If you have a food processor, simply process the hazelnuts until they're fine ground - in the end, this will give you a smooth, silky Nutella.

If, like me, you don't have a food processor, then simply bag up your nuts into a sandwich bag (or two, to prevent any messy punctures!) and pound them to within an inch of their lives with a rolling pin/wine bottle.

I gotta mention that this last method won't give you a smooth, silky texture like the Nutella we all know and love. This method will give you a gritty, chunky Nutella - sort of like chunky peanut butter! I happen to really like the chunky version myself - it feels a bit more grown up - so go whichever way you like depending on whether you want smooth or chunky.

4. Regardless of how you handled your nuts, add in your 6 tablespoons of oil, half a teaspoon of vanilla extract, half a teaspoon of salt and finally, 4 tablespoons of icing sugar.

Mix all of them together until you have a thick, nutty paste.

5. Now for the child's play...

Break your white chocolate into small pieces and melt in the microwave (10sec/stir/10secs/stir) until smooth.

Simply pour your white chocolate into your nutty paste, and mix quickly until everything is well-combined.

6. Prepare a jar (you can use an old jam or coffee jar) for your white Nutella, and pour in your finished creation.

It might seem alarmingly liquid at this stage - don't worry - it will set quite hard in the fridge.

Now you can finish off the leftovers!

To keep your Nutella soft and spreadable, store it in a dark cupboard, where it will last for up to a week.

...as if it will last that long!

Enjoy on toast, fruit or on custard cream biscuits!

Thanks for reading! :)


10 March 2015

Salty Choco-Nut Express Bars

This is probably the easiest recipe I will ever share with you.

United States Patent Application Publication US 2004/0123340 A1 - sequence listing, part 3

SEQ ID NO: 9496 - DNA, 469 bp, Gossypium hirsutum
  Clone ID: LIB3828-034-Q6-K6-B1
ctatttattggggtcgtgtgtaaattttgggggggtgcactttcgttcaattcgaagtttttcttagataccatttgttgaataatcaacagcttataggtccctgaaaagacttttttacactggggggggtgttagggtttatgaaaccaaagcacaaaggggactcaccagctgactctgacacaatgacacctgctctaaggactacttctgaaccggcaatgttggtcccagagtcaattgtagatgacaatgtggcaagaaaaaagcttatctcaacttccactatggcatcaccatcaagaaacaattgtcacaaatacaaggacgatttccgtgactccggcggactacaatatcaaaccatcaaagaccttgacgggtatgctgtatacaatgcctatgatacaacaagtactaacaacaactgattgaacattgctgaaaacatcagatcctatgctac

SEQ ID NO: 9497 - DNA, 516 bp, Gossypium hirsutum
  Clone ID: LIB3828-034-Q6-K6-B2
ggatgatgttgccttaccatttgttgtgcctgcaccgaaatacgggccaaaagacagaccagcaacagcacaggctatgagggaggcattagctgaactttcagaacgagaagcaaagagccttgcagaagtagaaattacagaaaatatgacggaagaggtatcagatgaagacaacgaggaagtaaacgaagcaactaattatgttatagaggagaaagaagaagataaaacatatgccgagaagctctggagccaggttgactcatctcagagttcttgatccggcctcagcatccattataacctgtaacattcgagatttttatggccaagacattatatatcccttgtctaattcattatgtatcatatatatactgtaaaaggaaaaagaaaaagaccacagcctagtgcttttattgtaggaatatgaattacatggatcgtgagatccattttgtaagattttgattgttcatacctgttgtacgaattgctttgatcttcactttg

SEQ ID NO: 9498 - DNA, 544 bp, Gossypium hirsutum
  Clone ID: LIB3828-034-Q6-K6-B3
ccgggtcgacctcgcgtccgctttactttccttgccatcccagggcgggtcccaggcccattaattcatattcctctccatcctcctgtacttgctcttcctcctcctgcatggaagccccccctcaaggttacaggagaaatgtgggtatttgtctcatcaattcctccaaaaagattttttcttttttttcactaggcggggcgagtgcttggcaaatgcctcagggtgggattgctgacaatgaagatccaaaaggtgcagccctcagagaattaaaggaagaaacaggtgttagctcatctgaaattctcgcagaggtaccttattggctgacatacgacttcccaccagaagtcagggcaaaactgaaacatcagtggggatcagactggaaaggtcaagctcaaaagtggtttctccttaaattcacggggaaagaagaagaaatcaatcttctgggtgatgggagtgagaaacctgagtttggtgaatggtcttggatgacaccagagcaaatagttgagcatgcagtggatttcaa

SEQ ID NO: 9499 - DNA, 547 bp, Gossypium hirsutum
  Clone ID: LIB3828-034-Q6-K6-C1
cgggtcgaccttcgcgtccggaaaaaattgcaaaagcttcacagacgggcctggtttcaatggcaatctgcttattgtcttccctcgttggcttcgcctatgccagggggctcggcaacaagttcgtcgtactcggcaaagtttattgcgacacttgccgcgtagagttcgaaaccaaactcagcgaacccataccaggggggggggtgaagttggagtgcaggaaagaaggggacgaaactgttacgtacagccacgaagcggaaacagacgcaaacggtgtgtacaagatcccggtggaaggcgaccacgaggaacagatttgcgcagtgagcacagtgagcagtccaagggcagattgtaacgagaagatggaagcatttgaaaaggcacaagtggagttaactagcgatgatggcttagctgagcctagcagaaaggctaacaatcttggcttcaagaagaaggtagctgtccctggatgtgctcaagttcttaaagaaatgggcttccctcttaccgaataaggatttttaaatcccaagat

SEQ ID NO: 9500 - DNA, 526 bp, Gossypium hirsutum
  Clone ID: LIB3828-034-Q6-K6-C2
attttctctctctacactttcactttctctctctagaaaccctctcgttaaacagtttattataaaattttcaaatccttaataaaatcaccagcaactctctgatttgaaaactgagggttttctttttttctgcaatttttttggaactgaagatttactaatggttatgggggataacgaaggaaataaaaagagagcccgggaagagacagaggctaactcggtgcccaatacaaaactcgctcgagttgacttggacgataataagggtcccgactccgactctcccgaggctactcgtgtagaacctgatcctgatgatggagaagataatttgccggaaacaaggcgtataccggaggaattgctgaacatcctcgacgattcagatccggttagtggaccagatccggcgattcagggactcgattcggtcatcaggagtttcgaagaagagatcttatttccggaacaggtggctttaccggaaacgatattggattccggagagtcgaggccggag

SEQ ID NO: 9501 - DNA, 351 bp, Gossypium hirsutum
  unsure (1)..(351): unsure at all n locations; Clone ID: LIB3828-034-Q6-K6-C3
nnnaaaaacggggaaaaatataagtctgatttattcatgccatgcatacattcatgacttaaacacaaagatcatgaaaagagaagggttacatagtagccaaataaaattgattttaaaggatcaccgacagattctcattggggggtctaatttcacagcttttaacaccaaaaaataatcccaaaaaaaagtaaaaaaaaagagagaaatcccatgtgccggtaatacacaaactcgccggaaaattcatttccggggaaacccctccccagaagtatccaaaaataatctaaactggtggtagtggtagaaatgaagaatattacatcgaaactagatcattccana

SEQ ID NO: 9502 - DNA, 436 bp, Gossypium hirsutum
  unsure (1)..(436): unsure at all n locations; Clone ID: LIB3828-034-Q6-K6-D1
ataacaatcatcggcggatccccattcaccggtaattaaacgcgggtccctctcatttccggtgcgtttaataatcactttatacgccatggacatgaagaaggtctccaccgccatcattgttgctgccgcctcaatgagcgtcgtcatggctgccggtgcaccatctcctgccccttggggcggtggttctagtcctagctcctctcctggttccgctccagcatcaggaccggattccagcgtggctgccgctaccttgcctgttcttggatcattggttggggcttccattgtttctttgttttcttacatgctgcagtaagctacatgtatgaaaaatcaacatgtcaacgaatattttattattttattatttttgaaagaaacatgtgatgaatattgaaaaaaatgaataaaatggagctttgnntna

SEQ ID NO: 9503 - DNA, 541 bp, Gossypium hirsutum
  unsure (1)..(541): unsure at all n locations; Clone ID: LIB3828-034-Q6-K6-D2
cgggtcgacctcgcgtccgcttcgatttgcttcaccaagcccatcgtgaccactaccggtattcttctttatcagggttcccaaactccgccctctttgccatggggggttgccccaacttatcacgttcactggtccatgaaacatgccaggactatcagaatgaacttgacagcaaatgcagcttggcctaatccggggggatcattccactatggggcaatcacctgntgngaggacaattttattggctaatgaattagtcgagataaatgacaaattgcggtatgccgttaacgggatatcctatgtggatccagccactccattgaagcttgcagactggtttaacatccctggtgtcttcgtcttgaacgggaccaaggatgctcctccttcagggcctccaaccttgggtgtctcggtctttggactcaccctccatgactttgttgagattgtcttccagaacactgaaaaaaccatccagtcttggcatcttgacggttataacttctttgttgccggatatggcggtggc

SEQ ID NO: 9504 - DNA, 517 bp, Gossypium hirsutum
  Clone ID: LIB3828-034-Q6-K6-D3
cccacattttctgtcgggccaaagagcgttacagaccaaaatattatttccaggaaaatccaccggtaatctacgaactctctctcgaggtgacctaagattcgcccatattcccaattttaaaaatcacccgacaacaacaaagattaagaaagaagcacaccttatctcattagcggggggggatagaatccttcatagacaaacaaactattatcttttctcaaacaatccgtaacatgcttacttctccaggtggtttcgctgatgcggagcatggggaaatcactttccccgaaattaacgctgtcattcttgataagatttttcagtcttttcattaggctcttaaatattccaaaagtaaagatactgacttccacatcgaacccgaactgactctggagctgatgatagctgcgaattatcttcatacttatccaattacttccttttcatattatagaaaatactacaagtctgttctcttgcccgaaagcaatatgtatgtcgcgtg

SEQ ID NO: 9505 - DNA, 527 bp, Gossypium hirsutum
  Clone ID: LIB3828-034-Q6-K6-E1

Nevertheless, these Salty Choco-Nut Express Bars are a total life-saver. There is no baking or culinary skill involved at all; this is total, grassroots 'cooking' that even the dumbest creature could get the knack of. We're essentially just making chocolate bars, out of chocolate bars!

Now this definitely isn't a genius creation, but I tried this recipe when I held a charity bake sale. I had spent all day making different cakes and I was pretty burnt out, so I tried my hand and something straight-forward and easy to sell to people just walking by, who didn't want to sit down and eat cake. Amazingly enough, these bad boys were the first to sell out! They were gone within an hour, and everybody sang high praises of them. Little did they know just how little effort they required!

Whether it's forgotten birthdays, last minute dinner parties, speedy packed lunches, making apologies, your first day of university, comfort food, or your very own charity bake sale - they're all a divine calling for these Choco-Nut Express Bars. Salty & sweet has become a big gastro-trend in recent years, so you'll be serving up style with devilishly low effort, and nobody will be any the wiser!